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Swedish actor behind viral blog beats cancer

Swedish actor Fabian Bolin, 28, who has appeared in several UK television shows and US movies, has announced to the world that he is cancer-free, just over a month after he was diagnosed.

Swedish actor behind viral blog beats cancer
Swedish actor Fabian Bolin. Photo: Instagram with permission of Fabian Bolin

The actor and model started the blog on July 1st, just days after being diagnosed with leukaemia – a blood cancer which develops in bone marrow.

“There is a risk that I will not survive,” he posted in both English and Swedish.

But after weeks of gruelling chemo therapy doctors at the Karolinska Institute near Stockholm have revealed that Bolin is expected to return to complete health, the actor told his fans.

“We have just found out from the doctors at Karolinska the following: my entire blood system, and my spinal chord system, is now free from blood cancer. Just to be 100 percent clear to all of you, my beautiful angels: I have survived and killed my cancer,” he wrote in this latest blog entry.

However, the actor is not yet at the end of the road to full recovery. He is set to undergo chemo therapy until February 2016 to ensure the cancer stays out of his system.

“Imagine the feeling in your heart when you've run up a long hill. Have you ever tried that? Or if you've ever been at a gym, if you've done a really hard cardio session. Now, think about how hard the heart beats. If you want to know how I feel, then add about five times to that heart feeling,” wrote the 28-year-old in the blog post published late on Tuesday.

Bolin's heartfelt blog quickly went viral in July after being picked up by several Swedish and international media, including The Local.

“I feel so utterly sad and confused right now. I feel like it's unfair that I should have to go through this hell of a treatment, after fighting so hard to reach this stage in life and be on the cusp of fulfilling my acting dreams. But, I will not give up,” read one of his earliest entries.

The star is best known for his role as Philipp in Swedish film Snabba Cash in 2010 (released internationally as Easy Money) and Snabba Cash II (2012), his first major parts after quitting a previous career in banking.

He has spent the past few years living in London where he's played small roles in British reality TV show Made in Chelsea and the recently released UK web sci-fi show Kosmos.

READ ALSO: Swedish hunk pens emotional cancer blog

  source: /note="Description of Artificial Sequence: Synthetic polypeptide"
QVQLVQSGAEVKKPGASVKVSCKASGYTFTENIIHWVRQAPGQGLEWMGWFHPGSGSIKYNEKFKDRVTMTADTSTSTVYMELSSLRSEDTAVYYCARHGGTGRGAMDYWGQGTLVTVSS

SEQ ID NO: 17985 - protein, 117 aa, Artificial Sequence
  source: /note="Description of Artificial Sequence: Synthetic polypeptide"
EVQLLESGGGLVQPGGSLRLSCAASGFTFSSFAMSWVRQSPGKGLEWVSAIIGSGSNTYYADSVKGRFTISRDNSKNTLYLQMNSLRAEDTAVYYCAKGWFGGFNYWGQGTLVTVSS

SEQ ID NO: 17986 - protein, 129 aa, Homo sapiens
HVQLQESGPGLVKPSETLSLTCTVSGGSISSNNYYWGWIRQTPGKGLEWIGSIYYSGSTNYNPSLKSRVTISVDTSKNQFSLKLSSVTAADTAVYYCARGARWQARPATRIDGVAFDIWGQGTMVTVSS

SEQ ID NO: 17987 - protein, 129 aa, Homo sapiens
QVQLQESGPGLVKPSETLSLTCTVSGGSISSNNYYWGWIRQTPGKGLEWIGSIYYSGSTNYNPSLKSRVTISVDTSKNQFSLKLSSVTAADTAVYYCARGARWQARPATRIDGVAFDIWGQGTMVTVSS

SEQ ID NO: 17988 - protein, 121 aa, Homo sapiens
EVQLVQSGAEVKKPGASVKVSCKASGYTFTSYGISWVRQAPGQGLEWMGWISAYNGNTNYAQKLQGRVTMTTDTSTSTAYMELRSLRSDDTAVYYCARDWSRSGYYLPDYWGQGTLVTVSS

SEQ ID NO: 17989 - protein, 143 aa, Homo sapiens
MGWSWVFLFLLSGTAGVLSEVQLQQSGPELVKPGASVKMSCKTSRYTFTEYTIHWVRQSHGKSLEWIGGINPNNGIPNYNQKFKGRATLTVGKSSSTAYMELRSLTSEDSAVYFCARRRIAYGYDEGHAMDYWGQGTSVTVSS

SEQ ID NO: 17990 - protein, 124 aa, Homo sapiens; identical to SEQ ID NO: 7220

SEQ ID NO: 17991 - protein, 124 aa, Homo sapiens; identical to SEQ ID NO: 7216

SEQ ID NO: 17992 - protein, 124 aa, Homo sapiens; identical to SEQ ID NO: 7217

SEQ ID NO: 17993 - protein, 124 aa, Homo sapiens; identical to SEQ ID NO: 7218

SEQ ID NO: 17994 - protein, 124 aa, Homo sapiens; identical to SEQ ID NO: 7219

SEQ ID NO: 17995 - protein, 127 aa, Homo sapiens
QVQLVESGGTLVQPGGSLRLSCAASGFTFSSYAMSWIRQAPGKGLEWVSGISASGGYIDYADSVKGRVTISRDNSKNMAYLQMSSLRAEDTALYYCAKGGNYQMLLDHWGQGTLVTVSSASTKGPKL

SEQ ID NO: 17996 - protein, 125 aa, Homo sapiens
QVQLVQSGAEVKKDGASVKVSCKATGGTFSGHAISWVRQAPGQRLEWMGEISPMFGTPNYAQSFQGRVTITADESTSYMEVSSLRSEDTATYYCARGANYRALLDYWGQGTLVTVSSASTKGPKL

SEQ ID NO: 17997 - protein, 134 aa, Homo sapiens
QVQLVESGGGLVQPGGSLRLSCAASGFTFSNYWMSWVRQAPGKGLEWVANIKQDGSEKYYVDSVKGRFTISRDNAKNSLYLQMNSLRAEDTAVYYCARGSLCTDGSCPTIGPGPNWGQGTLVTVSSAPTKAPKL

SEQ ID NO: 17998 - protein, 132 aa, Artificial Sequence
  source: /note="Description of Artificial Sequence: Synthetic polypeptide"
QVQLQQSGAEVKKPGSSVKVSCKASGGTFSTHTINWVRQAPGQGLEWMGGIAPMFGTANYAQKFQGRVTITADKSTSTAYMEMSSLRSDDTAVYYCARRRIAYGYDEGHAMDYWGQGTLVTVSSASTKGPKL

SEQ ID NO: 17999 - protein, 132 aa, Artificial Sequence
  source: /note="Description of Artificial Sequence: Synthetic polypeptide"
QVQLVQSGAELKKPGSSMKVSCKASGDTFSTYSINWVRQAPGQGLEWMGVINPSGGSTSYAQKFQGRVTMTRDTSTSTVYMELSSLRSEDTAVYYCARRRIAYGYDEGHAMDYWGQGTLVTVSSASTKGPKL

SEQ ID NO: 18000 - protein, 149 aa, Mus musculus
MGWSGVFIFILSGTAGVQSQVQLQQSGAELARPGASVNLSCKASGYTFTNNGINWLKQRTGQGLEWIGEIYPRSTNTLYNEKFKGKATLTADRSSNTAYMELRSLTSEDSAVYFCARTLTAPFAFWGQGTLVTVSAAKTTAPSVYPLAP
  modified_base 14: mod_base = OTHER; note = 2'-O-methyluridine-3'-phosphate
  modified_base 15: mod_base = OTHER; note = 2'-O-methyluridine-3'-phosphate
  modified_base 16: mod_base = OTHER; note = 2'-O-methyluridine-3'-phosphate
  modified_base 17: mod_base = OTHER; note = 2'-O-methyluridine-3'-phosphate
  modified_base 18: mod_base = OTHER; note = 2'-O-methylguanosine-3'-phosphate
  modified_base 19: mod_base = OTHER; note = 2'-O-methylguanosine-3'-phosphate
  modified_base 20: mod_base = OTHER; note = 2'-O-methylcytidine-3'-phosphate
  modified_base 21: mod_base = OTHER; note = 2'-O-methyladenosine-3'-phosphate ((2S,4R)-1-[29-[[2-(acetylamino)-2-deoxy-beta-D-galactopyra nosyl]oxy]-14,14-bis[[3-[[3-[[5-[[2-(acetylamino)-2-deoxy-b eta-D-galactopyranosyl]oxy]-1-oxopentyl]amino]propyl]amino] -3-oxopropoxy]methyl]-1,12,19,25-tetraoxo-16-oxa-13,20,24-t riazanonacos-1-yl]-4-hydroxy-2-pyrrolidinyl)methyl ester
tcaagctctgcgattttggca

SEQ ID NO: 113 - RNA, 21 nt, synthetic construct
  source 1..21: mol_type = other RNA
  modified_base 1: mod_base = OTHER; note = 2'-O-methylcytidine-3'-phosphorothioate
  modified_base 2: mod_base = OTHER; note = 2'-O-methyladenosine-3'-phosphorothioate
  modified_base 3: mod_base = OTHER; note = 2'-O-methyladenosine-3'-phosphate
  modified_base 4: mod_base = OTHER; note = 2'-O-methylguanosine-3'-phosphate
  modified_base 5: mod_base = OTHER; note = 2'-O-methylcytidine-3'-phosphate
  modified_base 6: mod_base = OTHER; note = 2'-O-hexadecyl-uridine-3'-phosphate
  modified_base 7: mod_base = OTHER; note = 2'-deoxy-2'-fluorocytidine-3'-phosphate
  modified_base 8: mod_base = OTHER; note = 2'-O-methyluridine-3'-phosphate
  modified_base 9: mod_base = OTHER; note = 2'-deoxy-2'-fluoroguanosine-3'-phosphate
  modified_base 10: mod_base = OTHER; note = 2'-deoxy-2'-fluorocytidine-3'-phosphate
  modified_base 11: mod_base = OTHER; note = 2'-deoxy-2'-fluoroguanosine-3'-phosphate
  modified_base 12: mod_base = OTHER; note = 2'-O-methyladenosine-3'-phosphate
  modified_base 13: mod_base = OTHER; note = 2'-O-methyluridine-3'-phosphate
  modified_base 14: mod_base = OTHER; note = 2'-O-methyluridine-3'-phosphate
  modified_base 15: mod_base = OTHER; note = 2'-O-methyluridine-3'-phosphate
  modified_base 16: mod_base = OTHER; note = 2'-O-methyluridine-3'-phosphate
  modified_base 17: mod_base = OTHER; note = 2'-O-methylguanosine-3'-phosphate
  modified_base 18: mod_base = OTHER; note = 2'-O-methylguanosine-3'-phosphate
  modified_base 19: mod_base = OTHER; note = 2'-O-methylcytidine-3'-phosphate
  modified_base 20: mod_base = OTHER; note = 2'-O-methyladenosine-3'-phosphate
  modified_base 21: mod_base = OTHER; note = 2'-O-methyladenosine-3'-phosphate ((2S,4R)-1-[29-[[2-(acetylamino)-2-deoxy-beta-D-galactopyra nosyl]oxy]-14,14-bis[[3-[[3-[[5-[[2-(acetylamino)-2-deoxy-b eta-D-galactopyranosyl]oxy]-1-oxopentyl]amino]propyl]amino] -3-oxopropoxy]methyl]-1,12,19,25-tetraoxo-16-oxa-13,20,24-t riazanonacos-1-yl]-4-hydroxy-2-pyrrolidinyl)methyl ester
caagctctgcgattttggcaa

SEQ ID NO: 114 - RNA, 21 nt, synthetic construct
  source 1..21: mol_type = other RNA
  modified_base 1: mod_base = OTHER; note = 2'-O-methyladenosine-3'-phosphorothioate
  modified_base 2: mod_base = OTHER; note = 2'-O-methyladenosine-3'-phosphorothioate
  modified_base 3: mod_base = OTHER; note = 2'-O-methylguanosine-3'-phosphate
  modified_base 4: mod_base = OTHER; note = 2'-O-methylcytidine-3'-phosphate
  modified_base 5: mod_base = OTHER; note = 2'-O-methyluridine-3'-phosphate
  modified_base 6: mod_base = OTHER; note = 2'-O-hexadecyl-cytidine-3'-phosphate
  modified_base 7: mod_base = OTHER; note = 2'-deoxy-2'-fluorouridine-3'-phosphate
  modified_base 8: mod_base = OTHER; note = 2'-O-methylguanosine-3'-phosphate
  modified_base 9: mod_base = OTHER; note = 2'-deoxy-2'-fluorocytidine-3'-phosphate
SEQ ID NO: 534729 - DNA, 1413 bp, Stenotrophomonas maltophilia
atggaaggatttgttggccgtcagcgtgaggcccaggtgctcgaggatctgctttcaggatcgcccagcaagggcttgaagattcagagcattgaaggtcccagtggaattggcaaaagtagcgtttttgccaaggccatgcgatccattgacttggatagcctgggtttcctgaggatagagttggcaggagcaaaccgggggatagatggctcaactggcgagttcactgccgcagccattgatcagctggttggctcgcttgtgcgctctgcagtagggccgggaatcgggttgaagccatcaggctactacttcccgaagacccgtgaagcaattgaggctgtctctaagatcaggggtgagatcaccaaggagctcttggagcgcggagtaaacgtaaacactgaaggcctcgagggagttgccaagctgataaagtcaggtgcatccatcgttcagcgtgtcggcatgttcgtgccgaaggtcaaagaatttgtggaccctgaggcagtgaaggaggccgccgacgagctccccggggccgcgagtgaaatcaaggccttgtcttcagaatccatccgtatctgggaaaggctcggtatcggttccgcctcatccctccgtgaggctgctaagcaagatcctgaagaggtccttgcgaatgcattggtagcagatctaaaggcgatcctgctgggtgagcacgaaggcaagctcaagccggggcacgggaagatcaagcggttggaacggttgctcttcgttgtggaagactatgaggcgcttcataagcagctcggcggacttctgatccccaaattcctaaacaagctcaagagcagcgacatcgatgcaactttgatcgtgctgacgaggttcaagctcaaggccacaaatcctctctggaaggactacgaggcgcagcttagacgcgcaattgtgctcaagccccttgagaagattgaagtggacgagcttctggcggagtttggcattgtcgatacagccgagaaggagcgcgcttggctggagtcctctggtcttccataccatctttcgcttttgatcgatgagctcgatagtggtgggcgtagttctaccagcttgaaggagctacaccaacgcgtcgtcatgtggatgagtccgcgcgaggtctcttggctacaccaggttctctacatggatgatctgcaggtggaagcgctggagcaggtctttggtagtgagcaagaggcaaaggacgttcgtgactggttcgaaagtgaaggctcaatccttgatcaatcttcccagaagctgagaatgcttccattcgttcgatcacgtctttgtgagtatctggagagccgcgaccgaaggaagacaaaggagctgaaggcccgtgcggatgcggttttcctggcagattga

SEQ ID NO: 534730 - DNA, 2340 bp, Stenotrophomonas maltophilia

Reacting to the huge social media stir surrounding his blog, he told The Local last month: “the response is the best and most powerful experience ever”.

“I’m in shock but in a good way. It wouldn’t have been possible for all these people to come together without social media. It’s amazing to see how many wonderful people there are out there.” 

Thanks to his contacts in the film and television industry, Bolin said at the time he had already been approached by production companies who are keen on turning his story into a documentary and added that he had received support from many fellow actors, including other Swedes he worked with on Snabba Cash. 

“I decided to let people follow me on my journey from beginning to end and this enormous response makes me feel so empowered,” he said.

Update: In 2019, Fabian Bolin founded the app WarOnCancer together with Sebastian Hermelin to improve mental health for everyone affected by cancer.

RESEARCH

Nordic twins help reveal higher cancer risks

A comprehensive study of twins in Denmark, Norway, Sweden and Finland has led to new revelations about increased cancer risks among siblings.

Nordic twins help reveal higher cancer risks
If one twin gets cancer, the other has a higher risk of getting sick too. Photo: Colourbox
Twins share the same genes, and when one gets cancer, the other faces a higher risk of getting sick too, according to a study published on Tuesday that included 200,000 people.
 
But just because one twin falls ill does not mean that the other is certain to get the same cancer, or any cancer at all, according the report in the Journal of the American Medical Association (JAMA).
 
In fact, the amount of increased risk of cancer was just 14 percent higher in identical pairs in which one twin was diagnosed with cancer.
 
Identical twins develop from the same egg and share the exact same genetic material.
 
Among fraternal twins, which develop from two eggs and are as genetically similar as typical biological siblings, the risk of cancer in a twin whose co-twin was infected was five percent higher.
 
The twins in the study hailed from Denmark, Finland, Sweden and Norway — all countries that maintain detailed health registries — and were followed between 1943 and 2010.
 
When researchers looked at the group as a whole, they found that about one in three individuals developed cancer (32 percent).
 
Therefore, the risk of cancer in an identical twin whose twin was diagnosed was calculated to be 46 percent.
 
In fraternal twins it amounted to a 37 percent risk of developing cancer if a co-twin was diagnosed.
 
The exact same cancer was diagnosed in 38 percent of identical twins and 26 percent of fraternal pairs.
 
The cancers that were most likely to be shared among twins were skin melanoma (58 percent), prostate (57 percent), non melanoma skin (43 percent), ovary (39 percent), kidney (38 percent), breast (31 percent), uterine cancer (27 percent).
 
“Because of this study's size and long follow-up, we can now see key genetic effects for many  cancers,” said Jacob Hjelmborg, from the University of Southern Denmark and co-lead author of the study.
 
Researchers said the findings may help patients and doctors understand more about the hereditary risks of cancer, a disease that kills eight million people around the world each year.
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